“And people who can’t get taxis will just start walking home instead and it puts them in a vulnerable position that they never should have been in in the first place. That’s worrying for us.

“It is an issue and total disregard for the taxi trade by the council.”

Calum also believes the initiative will damage the city further than it “already is.”

He said: “The council have let the city die in an attempt to save the planet.

“They have destroyed this city, and it is an embarrassment and absolutely demoralising.

“Taxis are going to be off the road, more shops will close.

“I tell you; I’ve been driving a taxi now for about 37 years and I’ve never bought into this idea that the city is finished, but I do now.”

Calum went on to say that he has been left disgusted with how many people, like him, will lose their livelihoods as the extension period comes to an end.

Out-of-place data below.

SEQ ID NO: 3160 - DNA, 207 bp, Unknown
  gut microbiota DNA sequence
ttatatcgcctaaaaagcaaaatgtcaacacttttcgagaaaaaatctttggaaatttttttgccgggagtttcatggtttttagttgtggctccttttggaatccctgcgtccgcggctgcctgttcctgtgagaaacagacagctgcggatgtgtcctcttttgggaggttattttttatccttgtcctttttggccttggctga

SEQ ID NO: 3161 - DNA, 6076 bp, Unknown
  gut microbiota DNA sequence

Glasgow Times:

Michael Smith has been a cabbie for the last 28 years.

The 59-year-old told the Glasgow Times of his hurt and anger as he said he has been forced off the roads by the council.

He said: “I’m very sad but I’m very angry as well.

“I thought I would retire at 66 or 67, or I would die behind the wheel of my cab. I never imagined I would be leaving like this.

“Glasgow City Council have pushed us into a corner, and we have been treated like s***.

“We want to breathe clean air, but we don’t want to go out of business to get it.

“It’s absolutely awful. It’s been very stressful for everyone.”

It comes after Michael was faced with either trying to find the funds to put an LPG engine into his 15-year-old vehicle or leaving the trade behind.